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Title: Light availability and rhizobium variation interactively mediate the outcomes of legume–rhizobium symbiosis
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Award ID(s):
1832042 1027253
Publication Date:
Journal Name:
American Journal of Botany
Page Range or eLocation-ID:
229 to 238
Sponsoring Org:
National Science Foundation
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  1. ABSTRACT Genome-wide association studies (GWAS) can identify genetic variants responsible for naturally occurring and quantitative phenotypic variation. Association studies therefore provide a powerful complement to approaches that rely on de novo mutations for characterizing gene function. Although bacteria should be amenable to GWAS, few GWAS have been conducted on bacteria, and the extent to which nonindependence among genomic variants (e.g., linkage disequilibrium [LD]) and the genetic architecture of phenotypic traits will affect GWAS performance is unclear. We apply association analyses to identify candidate genes underlying variation in 20 biochemical, growth, and symbiotic phenotypes among 153 strains of Ensifer meliloti . For 11 traits, we find genotype-phenotype associations that are stronger than expected by chance, with the candidates in relatively small linkage groups, indicating that LD does not preclude resolving association candidates to relatively small genomic regions. The significant candidates show an enrichment for nucleotide polymorphisms (SNPs) over gene presence-absence variation (PAV), and for five traits, candidates are enriched in large linkage groups, a possible signature of epistasis. Many of the variants most strongly associated with symbiosis phenotypes were in genes previously identified as being involved in nitrogen fixation or nodulation. For other traits, apparently strong associations were not stronger thanmore »the range of associations detected in permuted data. In sum, our data show that GWAS in bacteria may be a powerful tool for characterizing genetic architecture and identifying genes responsible for phenotypic variation. However, careful evaluation of candidates is necessary to avoid false signals of association. IMPORTANCE Genome-wide association analyses are a powerful approach for identifying gene function. These analyses are becoming commonplace in studies of humans, domesticated animals, and crop plants but have rarely been conducted in bacteria. We applied association analyses to 20 traits measured in Ensifer meliloti , an agriculturally and ecologically important bacterium because it fixes nitrogen when in symbiosis with leguminous plants. We identified candidate alleles and gene presence-absence variants underlying variation in symbiosis traits, antibiotic resistance, and use of various carbon sources; some of these candidates are in genes previously known to affect these traits whereas others were in genes that have not been well characterized. Our results point to the potential power of association analyses in bacteria, but also to the need to carefully evaluate the potential for false associations.« less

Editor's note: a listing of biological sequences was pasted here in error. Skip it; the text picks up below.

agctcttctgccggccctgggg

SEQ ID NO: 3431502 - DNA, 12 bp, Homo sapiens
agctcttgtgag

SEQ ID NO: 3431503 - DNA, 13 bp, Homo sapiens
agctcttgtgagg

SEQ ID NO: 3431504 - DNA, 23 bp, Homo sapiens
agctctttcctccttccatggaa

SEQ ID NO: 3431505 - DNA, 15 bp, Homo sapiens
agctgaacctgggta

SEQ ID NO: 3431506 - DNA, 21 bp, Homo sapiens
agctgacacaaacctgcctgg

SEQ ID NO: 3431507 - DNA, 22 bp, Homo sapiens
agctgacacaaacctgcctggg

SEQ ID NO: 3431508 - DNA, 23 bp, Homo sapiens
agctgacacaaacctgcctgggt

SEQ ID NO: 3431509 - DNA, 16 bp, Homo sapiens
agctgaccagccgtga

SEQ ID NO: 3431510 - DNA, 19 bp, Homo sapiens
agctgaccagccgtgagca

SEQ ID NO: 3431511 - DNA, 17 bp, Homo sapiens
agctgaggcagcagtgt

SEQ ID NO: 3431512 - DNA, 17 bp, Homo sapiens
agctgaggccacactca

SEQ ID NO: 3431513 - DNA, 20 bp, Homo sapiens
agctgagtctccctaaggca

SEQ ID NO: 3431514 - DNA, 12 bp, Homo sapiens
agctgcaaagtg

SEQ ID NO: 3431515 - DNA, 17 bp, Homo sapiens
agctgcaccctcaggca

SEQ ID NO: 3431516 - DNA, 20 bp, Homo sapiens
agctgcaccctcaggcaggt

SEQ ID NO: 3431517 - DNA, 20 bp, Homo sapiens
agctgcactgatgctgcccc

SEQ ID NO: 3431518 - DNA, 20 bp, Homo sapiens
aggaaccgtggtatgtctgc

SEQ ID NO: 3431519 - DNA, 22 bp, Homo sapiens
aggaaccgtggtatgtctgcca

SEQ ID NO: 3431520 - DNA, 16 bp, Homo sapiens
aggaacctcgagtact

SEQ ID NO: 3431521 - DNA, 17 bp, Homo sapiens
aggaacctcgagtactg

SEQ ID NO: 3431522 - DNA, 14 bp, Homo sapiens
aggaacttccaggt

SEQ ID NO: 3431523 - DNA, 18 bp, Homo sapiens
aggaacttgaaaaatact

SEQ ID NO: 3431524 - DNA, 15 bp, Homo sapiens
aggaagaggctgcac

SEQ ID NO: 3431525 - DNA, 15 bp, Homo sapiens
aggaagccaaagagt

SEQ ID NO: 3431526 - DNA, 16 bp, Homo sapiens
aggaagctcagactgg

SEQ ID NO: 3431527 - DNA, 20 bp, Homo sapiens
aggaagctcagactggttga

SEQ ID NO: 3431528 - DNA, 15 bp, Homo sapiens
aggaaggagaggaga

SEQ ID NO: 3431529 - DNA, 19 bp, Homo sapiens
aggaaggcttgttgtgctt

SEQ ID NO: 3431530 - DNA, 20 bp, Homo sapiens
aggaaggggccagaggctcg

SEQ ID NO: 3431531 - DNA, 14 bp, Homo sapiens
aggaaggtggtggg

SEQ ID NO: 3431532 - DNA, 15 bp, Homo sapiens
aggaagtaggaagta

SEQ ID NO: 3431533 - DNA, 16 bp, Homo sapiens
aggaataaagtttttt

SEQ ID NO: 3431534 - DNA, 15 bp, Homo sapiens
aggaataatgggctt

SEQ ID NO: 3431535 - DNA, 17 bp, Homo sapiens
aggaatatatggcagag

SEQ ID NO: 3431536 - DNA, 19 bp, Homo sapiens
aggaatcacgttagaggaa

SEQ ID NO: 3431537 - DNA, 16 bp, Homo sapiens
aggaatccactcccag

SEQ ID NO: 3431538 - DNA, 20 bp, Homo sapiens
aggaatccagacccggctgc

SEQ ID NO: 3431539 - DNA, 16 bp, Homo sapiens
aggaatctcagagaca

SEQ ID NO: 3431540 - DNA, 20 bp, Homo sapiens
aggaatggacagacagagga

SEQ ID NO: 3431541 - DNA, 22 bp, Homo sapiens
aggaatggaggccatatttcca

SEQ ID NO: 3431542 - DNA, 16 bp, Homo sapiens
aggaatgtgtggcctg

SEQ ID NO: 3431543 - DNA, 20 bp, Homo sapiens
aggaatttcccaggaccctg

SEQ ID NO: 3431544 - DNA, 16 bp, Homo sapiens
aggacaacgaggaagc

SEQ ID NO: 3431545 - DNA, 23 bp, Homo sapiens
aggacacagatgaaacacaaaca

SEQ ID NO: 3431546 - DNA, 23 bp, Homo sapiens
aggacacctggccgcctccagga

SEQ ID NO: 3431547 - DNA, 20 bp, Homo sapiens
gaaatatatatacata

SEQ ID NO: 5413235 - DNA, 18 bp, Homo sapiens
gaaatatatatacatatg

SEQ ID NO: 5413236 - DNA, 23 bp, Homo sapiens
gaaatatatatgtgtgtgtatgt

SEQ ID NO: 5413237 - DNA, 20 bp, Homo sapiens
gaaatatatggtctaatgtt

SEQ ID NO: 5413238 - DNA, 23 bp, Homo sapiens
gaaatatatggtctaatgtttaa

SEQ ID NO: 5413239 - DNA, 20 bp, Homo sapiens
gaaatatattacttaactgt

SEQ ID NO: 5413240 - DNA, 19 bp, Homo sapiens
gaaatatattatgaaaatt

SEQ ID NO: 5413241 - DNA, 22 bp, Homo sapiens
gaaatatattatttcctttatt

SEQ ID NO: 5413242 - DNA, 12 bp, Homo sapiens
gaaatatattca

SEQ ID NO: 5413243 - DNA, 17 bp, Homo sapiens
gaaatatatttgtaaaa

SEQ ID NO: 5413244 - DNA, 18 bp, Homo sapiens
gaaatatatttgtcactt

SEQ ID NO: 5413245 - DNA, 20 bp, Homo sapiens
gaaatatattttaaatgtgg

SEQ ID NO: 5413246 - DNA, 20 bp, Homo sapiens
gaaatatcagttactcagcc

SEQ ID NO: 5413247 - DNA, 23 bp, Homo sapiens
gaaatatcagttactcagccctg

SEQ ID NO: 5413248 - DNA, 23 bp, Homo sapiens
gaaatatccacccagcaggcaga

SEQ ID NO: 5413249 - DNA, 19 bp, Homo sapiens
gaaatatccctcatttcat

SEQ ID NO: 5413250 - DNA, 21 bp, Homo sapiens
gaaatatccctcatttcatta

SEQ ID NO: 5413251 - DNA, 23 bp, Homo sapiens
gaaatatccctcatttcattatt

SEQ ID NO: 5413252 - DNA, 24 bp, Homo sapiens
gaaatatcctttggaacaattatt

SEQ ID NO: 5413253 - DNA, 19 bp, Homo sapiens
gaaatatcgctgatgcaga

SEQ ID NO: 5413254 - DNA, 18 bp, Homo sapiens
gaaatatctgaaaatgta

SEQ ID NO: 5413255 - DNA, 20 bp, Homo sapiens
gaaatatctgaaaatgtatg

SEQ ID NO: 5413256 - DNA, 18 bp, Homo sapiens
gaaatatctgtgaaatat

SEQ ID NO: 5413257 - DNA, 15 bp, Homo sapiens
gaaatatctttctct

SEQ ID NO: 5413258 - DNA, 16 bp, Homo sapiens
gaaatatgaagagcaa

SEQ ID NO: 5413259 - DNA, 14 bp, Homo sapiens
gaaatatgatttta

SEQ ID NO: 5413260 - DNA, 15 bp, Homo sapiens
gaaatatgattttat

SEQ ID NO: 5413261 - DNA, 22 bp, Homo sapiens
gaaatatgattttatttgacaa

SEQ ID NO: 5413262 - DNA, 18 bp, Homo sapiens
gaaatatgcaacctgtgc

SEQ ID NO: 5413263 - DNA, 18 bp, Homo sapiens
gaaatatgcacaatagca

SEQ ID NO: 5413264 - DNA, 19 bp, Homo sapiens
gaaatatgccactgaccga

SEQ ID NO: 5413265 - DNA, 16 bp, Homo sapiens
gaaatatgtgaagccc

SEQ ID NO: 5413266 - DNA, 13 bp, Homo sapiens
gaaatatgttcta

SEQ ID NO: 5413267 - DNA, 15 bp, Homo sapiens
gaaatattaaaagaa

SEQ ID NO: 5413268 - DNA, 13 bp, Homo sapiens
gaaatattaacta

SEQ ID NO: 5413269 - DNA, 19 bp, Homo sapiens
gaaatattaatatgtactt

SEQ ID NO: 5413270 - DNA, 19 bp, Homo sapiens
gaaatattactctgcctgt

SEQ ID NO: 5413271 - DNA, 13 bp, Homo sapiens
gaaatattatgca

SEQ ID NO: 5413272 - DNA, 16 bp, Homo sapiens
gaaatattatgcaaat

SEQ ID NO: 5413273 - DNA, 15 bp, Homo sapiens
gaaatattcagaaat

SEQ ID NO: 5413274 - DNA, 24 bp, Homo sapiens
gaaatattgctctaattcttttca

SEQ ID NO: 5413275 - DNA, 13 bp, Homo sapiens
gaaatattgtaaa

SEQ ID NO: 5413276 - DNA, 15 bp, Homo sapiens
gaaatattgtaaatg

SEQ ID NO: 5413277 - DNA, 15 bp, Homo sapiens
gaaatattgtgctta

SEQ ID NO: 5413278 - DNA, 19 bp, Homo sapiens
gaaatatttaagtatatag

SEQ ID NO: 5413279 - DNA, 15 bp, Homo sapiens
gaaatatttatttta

2. Abstract Under nitrogen starvation, most legume plants form a nitrogen-fixing symbiosis with Rhizobium bacteria. The bacteria induce the formation of a novel organ called the nodule in which rhizobia reside as intracellular symbionts and convert atmospheric nitrogen into ammonia. During this symbiosis, miRNAs are essential for coordinating the various plant processes required for nodule formation and function. miRNAs are non-coding, endogenous RNA molecules, typically 20–24 nucleotides long, that negatively regulate the expression of their target mRNAs. Some miRNAs can move systemically within plant tissues through the vascular system, which mediates, for example, communication between the stem/leaf tissues and the roots. In this review, we summarize the growing number of miRNAs that function during legume nodulation focusing on two model legumes, Lotus japonicus and Medicago truncatula, and two important legume crops, soybean (Glycine max) and common bean (Phaseolus vulgaris). This regulation impacts a variety of physiological processes including hormone signaling and spatial regulation of gene expression. The role of mobile miRNAs in regulating legume nodule number is also highlighted.
  3. Abstract

    Bacteriophages play significant roles in the composition, diversity, and evolution of bacterial communities. Despite their importance, it remains unclear how phage diversity and phage-host interactions are spatially structured. Local adaptation may play a key role. Nitrogen-fixing symbiotic bacteria, known as rhizobia, have been shown to locally adapt to domesticated common bean at its Mesoamerican and Andean sites of origin. This may affect phage-rhizobium interactions. However, knowledge about the diversity and coevolution of phages with their respective Rhizobium populations is lacking. Here, through the study of four phage-Rhizobium communities in Mexico and Argentina, we show that both phage and host diversity is spatially structured. Cross-infection experiments demonstrated that phage infection rates were higher overall in sympatric rhizobia than in allopatric rhizobia except for one Argentinean community, indicating phage local adaptation and host maladaptation. Phage-host interactions were shaped by the genetic identity and geographic origin of both the phage and the host. The phages ranged from specialists to generalists, revealing a nested network of interactions. Our results suggest a key role of local adaptation to resident host bacterial communities in shaping the phage genetic and phenotypic composition, following a similar spatial pattern of diversity and coevolution to that in the host.